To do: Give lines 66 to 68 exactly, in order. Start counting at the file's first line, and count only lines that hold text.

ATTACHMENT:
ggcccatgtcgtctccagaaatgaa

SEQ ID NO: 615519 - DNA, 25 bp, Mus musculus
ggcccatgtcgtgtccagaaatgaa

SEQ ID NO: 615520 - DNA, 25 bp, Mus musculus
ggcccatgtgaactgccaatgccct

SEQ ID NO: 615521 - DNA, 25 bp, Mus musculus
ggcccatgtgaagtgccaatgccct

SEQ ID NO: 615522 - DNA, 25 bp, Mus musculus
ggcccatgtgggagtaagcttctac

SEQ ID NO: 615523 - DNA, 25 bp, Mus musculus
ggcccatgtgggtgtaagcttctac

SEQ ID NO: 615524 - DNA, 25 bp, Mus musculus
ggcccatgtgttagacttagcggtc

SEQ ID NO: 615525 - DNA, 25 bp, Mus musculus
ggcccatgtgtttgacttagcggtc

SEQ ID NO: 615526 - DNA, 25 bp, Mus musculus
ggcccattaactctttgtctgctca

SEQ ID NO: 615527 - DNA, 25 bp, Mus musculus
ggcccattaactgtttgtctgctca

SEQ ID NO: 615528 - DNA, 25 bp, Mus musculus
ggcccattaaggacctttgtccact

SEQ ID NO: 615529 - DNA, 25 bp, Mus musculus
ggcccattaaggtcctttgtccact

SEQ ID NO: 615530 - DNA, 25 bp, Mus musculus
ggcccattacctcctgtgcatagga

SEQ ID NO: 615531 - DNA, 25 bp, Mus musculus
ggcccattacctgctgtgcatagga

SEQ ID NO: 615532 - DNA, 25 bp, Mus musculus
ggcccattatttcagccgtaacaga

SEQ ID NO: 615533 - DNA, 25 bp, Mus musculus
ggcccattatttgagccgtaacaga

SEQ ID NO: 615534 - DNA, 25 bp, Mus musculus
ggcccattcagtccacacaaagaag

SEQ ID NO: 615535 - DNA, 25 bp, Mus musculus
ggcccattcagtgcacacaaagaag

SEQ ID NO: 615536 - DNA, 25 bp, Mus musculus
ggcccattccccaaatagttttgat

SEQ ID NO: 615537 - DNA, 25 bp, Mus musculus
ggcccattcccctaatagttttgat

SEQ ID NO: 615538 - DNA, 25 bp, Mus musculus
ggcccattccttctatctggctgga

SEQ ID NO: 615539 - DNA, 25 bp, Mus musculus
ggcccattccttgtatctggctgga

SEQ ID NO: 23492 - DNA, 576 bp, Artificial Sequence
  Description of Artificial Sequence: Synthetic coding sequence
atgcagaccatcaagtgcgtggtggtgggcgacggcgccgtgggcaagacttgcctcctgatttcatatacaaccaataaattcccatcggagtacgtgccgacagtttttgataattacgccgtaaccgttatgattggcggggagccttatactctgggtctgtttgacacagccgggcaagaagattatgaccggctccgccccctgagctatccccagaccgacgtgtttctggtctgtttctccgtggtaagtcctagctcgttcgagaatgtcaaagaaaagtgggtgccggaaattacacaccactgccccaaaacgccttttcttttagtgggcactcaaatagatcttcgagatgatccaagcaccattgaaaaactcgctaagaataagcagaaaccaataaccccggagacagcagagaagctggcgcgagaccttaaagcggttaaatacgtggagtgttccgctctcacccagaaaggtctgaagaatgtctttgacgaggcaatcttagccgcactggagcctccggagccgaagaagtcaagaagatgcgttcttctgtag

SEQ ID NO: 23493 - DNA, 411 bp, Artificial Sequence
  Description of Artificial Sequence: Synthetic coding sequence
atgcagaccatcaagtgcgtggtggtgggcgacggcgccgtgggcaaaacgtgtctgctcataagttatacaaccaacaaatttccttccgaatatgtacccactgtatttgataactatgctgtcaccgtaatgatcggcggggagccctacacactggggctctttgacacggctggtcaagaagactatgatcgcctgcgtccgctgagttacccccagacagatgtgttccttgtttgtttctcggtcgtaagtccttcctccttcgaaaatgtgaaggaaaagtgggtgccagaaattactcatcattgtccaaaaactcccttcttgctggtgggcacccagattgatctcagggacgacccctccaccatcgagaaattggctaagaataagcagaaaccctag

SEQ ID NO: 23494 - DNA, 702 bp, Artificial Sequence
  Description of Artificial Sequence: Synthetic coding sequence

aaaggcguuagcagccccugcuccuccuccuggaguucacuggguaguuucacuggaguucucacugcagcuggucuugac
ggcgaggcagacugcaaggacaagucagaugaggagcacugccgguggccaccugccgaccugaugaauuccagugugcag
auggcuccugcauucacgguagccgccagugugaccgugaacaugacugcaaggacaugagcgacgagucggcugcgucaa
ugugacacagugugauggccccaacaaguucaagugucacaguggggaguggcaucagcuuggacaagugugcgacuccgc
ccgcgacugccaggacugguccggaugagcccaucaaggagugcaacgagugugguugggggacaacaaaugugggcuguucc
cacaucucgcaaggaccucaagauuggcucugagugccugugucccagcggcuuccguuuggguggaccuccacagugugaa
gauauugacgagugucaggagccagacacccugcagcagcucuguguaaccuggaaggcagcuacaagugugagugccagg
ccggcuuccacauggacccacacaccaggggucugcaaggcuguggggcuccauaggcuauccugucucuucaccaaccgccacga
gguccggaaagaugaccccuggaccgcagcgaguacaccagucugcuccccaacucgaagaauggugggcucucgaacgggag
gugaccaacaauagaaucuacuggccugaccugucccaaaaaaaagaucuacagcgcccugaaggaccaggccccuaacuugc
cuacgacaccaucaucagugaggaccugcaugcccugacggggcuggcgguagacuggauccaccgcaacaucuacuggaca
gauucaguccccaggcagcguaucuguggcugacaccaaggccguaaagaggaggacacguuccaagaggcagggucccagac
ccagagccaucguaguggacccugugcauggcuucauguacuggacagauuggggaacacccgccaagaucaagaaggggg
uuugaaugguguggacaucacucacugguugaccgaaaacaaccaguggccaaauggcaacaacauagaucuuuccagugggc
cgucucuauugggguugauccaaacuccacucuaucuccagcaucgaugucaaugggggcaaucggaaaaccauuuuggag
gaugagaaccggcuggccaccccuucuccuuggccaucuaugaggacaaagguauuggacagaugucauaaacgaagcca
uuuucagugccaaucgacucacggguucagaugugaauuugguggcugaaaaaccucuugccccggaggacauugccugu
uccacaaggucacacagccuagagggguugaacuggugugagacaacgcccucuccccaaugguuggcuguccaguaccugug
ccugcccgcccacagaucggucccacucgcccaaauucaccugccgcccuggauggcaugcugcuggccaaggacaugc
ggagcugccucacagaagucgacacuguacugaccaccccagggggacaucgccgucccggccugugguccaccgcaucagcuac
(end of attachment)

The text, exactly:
cgucucuauugggguugauccaaacuccacucuaucuccagcaucgaugucaaugggggcaaucggaaaaccauuuuggag
gaugagaaccggcuggccaccccuucuccuuggccaucuaugaggacaaagguauuggacagaugucauaaacgaagcca
uuuucagugccaaucgacucacggguucagaugugaauuugguggcugaaaaaccucuugccccggaggacauugccugu